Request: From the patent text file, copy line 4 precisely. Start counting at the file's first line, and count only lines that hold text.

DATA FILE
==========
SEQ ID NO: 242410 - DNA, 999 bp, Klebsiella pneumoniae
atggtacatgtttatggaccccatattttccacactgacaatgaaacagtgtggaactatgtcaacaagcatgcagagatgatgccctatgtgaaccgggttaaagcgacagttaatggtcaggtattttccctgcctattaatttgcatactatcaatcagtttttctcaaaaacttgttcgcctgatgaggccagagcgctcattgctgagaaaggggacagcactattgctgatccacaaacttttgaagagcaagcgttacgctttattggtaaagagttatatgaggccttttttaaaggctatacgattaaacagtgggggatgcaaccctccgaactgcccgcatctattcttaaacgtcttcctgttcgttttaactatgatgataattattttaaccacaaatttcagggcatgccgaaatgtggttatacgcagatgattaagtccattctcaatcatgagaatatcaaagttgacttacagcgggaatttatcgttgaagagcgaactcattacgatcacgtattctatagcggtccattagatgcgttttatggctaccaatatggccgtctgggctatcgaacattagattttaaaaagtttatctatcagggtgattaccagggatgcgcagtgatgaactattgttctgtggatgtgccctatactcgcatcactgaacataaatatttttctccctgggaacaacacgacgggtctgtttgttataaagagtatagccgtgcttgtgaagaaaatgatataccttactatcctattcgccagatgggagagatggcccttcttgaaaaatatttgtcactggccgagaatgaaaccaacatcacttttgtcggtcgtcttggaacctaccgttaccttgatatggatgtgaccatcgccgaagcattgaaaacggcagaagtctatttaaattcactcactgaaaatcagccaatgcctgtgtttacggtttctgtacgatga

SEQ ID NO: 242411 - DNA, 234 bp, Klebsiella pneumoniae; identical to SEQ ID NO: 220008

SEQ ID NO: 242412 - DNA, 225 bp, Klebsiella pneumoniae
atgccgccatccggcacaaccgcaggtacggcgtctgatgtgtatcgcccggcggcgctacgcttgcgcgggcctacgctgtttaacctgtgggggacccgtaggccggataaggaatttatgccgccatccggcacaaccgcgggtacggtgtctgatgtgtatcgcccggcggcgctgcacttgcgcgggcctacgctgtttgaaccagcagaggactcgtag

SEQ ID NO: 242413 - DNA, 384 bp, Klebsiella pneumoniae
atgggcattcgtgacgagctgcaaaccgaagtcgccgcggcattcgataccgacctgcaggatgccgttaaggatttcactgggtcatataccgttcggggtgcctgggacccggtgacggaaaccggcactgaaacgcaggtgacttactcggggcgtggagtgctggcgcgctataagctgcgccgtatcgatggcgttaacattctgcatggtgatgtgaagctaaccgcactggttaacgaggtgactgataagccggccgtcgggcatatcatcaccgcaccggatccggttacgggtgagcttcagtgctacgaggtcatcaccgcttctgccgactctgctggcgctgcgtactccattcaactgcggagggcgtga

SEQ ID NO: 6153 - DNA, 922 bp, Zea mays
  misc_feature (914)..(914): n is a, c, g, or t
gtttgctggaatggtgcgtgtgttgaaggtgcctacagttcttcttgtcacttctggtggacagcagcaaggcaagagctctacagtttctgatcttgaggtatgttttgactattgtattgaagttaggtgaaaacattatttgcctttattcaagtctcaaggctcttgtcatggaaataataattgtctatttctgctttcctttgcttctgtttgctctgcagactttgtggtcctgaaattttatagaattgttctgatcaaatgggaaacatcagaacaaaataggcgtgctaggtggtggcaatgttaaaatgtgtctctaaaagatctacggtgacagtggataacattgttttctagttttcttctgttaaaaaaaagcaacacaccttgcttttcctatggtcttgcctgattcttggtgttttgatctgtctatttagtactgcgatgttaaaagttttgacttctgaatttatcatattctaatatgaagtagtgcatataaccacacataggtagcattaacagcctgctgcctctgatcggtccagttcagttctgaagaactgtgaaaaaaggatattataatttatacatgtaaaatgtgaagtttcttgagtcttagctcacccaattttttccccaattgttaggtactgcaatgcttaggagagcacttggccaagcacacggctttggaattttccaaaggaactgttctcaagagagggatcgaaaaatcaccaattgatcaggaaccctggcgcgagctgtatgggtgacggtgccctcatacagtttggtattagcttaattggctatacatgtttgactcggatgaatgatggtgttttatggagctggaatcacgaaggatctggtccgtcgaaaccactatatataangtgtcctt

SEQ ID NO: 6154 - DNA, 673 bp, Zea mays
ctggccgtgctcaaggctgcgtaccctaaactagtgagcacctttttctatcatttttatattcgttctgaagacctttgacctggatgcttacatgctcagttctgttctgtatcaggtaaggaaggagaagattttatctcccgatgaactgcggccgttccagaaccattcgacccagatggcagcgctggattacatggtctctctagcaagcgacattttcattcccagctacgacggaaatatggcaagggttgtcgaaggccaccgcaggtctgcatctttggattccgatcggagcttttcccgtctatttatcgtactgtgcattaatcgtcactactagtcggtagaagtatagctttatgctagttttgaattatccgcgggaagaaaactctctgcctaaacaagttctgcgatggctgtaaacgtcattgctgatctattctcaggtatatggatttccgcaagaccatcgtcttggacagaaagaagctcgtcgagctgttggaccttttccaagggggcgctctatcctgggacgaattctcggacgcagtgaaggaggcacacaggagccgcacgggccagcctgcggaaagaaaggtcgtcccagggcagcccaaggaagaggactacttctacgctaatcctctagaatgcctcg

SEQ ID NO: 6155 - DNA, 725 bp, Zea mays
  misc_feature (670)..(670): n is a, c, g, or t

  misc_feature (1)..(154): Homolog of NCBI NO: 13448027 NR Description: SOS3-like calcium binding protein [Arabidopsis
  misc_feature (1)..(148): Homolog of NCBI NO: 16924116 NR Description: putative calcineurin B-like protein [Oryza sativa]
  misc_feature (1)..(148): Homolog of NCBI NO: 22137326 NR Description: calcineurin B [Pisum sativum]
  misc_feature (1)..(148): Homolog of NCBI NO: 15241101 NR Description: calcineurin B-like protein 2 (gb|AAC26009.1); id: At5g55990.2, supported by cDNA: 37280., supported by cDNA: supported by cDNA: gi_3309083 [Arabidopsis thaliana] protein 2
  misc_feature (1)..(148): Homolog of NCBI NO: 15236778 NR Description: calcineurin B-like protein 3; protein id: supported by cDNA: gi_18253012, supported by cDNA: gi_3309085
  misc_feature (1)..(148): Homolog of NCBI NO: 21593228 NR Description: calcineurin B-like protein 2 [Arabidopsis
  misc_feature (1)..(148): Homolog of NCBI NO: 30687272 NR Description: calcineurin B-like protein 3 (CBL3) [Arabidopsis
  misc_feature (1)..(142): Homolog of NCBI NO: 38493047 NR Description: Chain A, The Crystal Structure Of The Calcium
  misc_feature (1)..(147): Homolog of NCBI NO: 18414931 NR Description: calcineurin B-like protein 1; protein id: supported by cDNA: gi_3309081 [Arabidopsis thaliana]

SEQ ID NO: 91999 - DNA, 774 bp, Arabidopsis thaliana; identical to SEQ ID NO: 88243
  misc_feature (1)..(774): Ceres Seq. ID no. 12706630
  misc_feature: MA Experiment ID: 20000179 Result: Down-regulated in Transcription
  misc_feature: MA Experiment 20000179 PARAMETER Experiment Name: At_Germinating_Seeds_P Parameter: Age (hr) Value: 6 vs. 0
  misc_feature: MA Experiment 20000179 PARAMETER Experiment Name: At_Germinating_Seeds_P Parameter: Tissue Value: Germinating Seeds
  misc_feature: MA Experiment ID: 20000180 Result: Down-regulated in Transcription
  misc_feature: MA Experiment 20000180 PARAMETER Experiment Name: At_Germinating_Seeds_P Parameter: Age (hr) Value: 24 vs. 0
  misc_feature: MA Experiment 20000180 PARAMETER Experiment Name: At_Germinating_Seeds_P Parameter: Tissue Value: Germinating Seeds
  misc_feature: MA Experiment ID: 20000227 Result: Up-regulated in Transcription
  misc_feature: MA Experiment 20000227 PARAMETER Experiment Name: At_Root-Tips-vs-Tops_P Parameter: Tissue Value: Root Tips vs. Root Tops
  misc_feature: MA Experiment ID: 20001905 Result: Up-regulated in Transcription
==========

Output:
SEQ ID NO: 242412 - DNA, 225 bp, Klebsiella pneumoniae